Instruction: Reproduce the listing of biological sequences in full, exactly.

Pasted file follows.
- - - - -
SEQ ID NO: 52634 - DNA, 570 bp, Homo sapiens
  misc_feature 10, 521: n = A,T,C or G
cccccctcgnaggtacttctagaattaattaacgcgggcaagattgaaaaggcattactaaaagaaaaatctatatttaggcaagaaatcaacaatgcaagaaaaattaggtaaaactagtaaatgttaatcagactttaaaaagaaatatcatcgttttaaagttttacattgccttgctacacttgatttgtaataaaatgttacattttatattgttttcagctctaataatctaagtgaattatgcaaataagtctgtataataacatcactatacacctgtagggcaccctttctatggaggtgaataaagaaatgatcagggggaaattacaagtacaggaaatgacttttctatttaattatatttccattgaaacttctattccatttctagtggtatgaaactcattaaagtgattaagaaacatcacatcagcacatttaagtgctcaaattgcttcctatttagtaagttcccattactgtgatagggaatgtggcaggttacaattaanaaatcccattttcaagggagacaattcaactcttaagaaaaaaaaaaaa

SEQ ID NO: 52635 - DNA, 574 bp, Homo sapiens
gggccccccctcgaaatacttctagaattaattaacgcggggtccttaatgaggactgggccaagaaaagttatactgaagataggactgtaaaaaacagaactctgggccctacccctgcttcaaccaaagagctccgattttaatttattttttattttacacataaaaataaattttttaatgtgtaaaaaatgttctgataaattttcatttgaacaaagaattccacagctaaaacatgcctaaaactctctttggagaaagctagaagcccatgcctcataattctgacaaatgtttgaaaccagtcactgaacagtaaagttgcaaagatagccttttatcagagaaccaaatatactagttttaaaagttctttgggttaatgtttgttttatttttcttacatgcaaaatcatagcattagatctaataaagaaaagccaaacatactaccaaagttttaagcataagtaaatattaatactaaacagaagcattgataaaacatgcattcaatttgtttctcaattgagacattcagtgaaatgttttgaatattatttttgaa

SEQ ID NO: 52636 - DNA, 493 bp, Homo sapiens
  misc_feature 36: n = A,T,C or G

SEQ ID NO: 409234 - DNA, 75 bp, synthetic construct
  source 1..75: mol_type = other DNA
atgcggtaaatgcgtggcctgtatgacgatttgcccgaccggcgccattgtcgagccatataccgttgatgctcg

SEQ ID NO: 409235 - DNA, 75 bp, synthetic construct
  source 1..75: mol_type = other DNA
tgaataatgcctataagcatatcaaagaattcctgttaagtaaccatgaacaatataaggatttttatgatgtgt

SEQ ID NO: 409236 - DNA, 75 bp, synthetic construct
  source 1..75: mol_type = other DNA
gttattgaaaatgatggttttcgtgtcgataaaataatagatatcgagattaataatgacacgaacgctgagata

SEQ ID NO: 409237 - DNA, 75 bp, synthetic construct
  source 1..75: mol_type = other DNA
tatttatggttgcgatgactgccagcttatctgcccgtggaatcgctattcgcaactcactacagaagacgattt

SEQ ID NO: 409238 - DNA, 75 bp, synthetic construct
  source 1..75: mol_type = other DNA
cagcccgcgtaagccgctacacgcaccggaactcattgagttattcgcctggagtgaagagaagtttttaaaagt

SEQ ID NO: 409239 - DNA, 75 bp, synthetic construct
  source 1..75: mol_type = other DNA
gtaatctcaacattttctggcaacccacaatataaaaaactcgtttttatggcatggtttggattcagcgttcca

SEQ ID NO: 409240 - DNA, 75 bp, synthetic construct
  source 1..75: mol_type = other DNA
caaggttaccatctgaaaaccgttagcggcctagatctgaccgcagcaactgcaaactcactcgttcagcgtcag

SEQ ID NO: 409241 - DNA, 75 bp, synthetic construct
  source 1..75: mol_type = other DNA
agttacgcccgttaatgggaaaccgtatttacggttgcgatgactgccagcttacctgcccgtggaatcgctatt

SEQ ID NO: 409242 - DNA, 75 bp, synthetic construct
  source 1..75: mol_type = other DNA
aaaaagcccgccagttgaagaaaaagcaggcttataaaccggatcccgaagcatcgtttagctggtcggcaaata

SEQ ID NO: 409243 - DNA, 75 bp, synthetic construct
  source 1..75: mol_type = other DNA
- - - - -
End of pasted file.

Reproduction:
SEQ ID NO: 52634 - DNA, 570 bp, Homo sapiens
  misc_feature 10, 521: n = A,T,C or G
cccccctcgnaggtacttctagaattaattaacgcgggcaagattgaaaaggcattactaaaagaaaaatctatatttaggcaagaaatcaacaatgcaagaaaaattaggtaaaactagtaaatgttaatcagactttaaaaagaaatatcatcgttttaaagttttacattgccttgctacacttgatttgtaataaaatgttacattttatattgttttcagctctaataatctaagtgaattatgcaaataagtctgtataataacatcactatacacctgtagggcaccctttctatggaggtgaataaagaaatgatcagggggaaattacaagtacaggaaatgacttttctatttaattatatttccattgaaacttctattccatttctagtggtatgaaactcattaaagtgattaagaaacatcacatcagcacatttaagtgctcaaattgcttcctatttagtaagttcccattactgtgatagggaatgtggcaggttacaattaanaaatcccattttcaagggagacaattcaactcttaagaaaaaaaaaaaa

SEQ ID NO: 52635 - DNA, 574 bp, Homo sapiens
gggccccccctcgaaatacttctagaattaattaacgcggggtccttaatgaggactgggccaagaaaagttatactgaagataggactgtaaaaaacagaactctgggccctacccctgcttcaaccaaagagctccgattttaatttattttttattttacacataaaaataaattttttaatgtgtaaaaaatgttctgataaattttcatttgaacaaagaattccacagctaaaacatgcctaaaactctctttggagaaagctagaagcccatgcctcataattctgacaaatgtttgaaaccagtcactgaacagtaaagttgcaaagatagccttttatcagagaaccaaatatactagttttaaaagttctttgggttaatgtttgttttatttttcttacatgcaaaatcatagcattagatctaataaagaaaagccaaacatactaccaaagttttaagcataagtaaatattaatactaaacagaagcattgataaaacatgcattcaatttgtttctcaattgagacattcagtgaaatgttttgaatattatttttgaa

SEQ ID NO: 52636 - DNA, 493 bp, Homo sapiens
  misc_feature 36: n = A,T,C or G

SEQ ID NO: 409234 - DNA, 75 bp, synthetic construct
  source 1..75: mol_type = other DNA
atgcggtaaatgcgtggcctgtatgacgatttgcccgaccggcgccattgtcgagccatataccgttgatgctcg

SEQ ID NO: 409235 - DNA, 75 bp, synthetic construct
  source 1..75: mol_type = other DNA
tgaataatgcctataagcatatcaaagaattcctgttaagtaaccatgaacaatataaggatttttatgatgtgt

SEQ ID NO: 409236 - DNA, 75 bp, synthetic construct
  source 1..75: mol_type = other DNA
gttattgaaaatgatggttttcgtgtcgataaaataatagatatcgagattaataatgacacgaacgctgagata

SEQ ID NO: 409237 - DNA, 75 bp, synthetic construct
  source 1..75: mol_type = other DNA
tatttatggttgcgatgactgccagcttatctgcccgtggaatcgctattcgcaactcactacagaagacgattt

SEQ ID NO: 409238 - DNA, 75 bp, synthetic construct
  source 1..75: mol_type = other DNA
cagcccgcgtaagccgctacacgcaccggaactcattgagttattcgcctggagtgaagagaagtttttaaaagt

SEQ ID NO: 409239 - DNA, 75 bp, synthetic construct
  source 1..75: mol_type = other DNA
gtaatctcaacattttctggcaacccacaatataaaaaactcgtttttatggcatggtttggattcagcgttcca

SEQ ID NO: 409240 - DNA, 75 bp, synthetic construct
  source 1..75: mol_type = other DNA
caaggttaccatctgaaaaccgttagcggcctagatctgaccgcagcaactgcaaactcactcgttcagcgtcag

SEQ ID NO: 409241 - DNA, 75 bp, synthetic construct
  source 1..75: mol_type = other DNA
agttacgcccgttaatgggaaaccgtatttacggttgcgatgactgccagcttacctgcccgtggaatcgctatt

SEQ ID NO: 409242 - DNA, 75 bp, synthetic construct
  source 1..75: mol_type = other DNA
aaaaagcccgccagttgaagaaaaagcaggcttataaaccggatcccgaagcatcgtttagctggtcggcaaata

SEQ ID NO: 409243 - DNA, 75 bp, synthetic construct
  source 1..75: mol_type = other DNA